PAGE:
I am a lot more active now than ever before. I moved to New York in 2011, and actually had to go up and down the stairs in the house all day long. That did wonders for my behind, right there. Now we live in the country, and there is a big, wide world out there and I've been out in it more than I ever imagined that I could. When I lived in Texas in 2010, I couldn't walk around the block without stopping twice to rest. In October of 2011, I went trick or treating with my roommate and her kids and was on my feet for two hours. And I felt good about it when we got home. Hell, I just climbed a small mountain a couple of weeks ago.

I still binge eat occasionally. And I am struggling to understand the reasons why. I plan to get back in to therapy to figure this one out. Thankfully, out of necessity for the most part, my binges are few and far between. I buy a lot of the food that I eat online, and I've had to force myself not to buy those things that are very bad for me. Or to at least not buy so many of them. I also try to eat at least three times a day. When the weight came off quickly in 2006, I was eating healthy foods three to five times a day, and I know I need to get back to that. I will, eventually. Right now, though, whatever I'm subconsciously doing is working.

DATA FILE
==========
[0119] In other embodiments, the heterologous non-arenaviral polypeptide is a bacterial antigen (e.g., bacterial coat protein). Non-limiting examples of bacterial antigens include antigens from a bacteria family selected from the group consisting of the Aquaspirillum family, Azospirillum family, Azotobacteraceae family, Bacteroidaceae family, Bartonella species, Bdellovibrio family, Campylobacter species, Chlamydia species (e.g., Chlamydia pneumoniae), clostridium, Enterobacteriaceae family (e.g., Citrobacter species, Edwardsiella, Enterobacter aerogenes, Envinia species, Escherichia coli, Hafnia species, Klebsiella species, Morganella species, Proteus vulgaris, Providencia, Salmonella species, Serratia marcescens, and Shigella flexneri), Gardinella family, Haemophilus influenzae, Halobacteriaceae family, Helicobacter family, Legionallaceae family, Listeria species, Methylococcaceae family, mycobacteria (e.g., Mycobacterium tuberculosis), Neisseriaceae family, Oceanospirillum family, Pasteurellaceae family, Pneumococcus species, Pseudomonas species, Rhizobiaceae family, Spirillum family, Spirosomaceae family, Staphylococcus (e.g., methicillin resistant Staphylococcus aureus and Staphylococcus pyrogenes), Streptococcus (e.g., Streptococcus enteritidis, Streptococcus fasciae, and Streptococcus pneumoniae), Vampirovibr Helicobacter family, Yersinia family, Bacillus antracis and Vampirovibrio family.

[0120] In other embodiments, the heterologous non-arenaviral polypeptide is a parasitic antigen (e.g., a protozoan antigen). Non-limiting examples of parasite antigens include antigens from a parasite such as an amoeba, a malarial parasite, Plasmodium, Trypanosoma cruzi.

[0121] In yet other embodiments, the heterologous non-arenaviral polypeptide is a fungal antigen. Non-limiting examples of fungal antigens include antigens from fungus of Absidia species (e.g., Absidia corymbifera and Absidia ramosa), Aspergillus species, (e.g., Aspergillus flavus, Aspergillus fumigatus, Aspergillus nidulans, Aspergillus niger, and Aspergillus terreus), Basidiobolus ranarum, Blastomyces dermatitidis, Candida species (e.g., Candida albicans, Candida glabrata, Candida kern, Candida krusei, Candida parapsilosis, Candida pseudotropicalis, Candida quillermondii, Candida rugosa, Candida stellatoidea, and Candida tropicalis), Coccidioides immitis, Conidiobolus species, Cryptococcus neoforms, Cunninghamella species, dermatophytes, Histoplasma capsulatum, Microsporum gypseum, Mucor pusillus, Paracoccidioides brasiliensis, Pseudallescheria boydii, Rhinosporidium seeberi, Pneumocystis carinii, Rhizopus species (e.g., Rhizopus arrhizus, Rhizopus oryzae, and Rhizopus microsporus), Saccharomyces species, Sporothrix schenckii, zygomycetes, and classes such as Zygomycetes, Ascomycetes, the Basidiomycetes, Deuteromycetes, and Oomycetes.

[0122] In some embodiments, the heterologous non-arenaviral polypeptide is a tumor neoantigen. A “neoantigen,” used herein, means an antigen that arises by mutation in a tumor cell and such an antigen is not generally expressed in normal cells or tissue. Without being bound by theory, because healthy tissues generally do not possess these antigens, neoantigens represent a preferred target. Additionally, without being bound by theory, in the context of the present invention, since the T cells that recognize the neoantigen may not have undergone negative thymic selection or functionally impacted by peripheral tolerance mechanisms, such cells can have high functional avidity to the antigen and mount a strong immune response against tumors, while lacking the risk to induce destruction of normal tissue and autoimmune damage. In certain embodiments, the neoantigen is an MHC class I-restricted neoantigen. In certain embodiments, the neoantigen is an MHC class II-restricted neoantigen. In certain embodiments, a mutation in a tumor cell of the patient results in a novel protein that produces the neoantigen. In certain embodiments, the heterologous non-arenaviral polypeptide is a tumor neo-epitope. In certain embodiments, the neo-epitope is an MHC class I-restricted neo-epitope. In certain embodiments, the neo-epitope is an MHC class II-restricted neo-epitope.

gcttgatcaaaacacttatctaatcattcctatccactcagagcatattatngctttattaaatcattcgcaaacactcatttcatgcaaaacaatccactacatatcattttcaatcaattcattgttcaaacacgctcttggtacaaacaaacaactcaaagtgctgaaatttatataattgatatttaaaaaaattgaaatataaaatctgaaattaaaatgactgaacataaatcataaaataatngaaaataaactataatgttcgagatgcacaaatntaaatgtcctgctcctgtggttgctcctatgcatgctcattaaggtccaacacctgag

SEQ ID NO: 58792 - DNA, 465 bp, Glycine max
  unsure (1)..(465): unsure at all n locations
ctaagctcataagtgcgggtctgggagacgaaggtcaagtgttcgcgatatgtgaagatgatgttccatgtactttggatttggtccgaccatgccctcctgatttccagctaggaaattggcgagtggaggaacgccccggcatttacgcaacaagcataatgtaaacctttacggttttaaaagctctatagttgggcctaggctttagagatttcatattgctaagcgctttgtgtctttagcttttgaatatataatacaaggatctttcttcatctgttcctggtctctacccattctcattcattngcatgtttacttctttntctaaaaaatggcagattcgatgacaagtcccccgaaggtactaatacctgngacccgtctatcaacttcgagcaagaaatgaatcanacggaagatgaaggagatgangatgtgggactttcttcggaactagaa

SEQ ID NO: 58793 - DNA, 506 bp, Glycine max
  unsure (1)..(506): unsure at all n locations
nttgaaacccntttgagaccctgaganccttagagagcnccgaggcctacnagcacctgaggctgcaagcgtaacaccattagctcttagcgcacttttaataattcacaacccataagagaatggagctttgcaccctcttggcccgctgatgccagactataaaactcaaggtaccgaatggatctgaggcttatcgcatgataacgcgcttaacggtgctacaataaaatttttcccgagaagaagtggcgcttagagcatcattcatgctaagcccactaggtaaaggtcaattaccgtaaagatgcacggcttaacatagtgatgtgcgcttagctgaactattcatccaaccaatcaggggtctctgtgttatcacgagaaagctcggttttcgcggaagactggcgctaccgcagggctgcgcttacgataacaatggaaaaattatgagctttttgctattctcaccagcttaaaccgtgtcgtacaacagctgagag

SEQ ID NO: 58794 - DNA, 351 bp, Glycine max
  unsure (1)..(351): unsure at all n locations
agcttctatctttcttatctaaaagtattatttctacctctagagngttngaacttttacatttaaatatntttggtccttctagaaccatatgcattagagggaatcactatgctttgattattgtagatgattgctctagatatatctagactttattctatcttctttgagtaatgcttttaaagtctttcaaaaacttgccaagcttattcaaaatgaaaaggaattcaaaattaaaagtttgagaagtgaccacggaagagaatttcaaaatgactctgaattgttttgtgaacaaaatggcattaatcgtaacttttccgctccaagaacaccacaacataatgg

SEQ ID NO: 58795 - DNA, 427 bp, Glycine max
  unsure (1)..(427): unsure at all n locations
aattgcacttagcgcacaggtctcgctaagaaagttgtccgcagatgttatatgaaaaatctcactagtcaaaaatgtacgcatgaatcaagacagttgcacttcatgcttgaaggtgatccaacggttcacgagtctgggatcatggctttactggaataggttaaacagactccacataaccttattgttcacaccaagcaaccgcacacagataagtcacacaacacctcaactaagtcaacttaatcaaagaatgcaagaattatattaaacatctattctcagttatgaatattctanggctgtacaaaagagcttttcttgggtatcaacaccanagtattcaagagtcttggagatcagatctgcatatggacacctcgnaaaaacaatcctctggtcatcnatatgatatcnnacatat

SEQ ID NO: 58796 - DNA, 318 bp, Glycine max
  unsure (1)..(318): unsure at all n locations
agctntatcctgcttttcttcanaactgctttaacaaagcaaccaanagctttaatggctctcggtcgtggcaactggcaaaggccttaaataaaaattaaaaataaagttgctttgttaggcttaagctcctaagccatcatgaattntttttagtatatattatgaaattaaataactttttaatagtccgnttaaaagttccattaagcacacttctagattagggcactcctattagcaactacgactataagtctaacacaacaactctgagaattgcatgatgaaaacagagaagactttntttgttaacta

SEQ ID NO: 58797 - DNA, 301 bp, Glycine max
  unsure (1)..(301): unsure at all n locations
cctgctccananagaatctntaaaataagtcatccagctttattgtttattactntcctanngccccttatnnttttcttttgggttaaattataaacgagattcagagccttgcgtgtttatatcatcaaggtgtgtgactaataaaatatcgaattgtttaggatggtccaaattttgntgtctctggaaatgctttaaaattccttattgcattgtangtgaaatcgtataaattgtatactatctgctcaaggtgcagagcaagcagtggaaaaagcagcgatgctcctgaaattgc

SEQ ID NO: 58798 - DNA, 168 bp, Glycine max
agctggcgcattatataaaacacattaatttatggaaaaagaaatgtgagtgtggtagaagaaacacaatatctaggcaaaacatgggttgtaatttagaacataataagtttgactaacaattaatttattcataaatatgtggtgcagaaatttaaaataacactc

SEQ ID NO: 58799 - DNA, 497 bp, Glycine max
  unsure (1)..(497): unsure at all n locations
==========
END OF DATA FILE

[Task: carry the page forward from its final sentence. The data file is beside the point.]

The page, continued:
For my birthday last week, my roommates gave me a T-shirt with the character Michonne from The Walking Dead on the front. They apologized that the shirt was only a size XL. Because it was a limited edition, it was the only size they could get. I thanked them for the gift, and I was grateful, don't get me wrong. They thought enough about me to buy me something very special.

I took it to my room and eyeballed it. Three or four years ago, I was literally buying size 6X in shirts. Last summer, I was buying 3X or 4X. I figured 'nothing ventured, nothing gained,' and decided to try on the Michonne shirt. Though it was a little tight in the sleeves and maybe not as long as I'd have liked it to be, it fit. I can wear an XL. For the life of me, I can't remember the last time I could.

My jeans are all size 26/28, and they are ridiculously large. I refuse to buy more until I absolutely have to. I just bought a size 4X tank top from eBay a couple of months ago and had to shorten the straps because it was just too damned big. The smaller me is having a hard time understanding that it doesn't need that extra X, or three or four of them.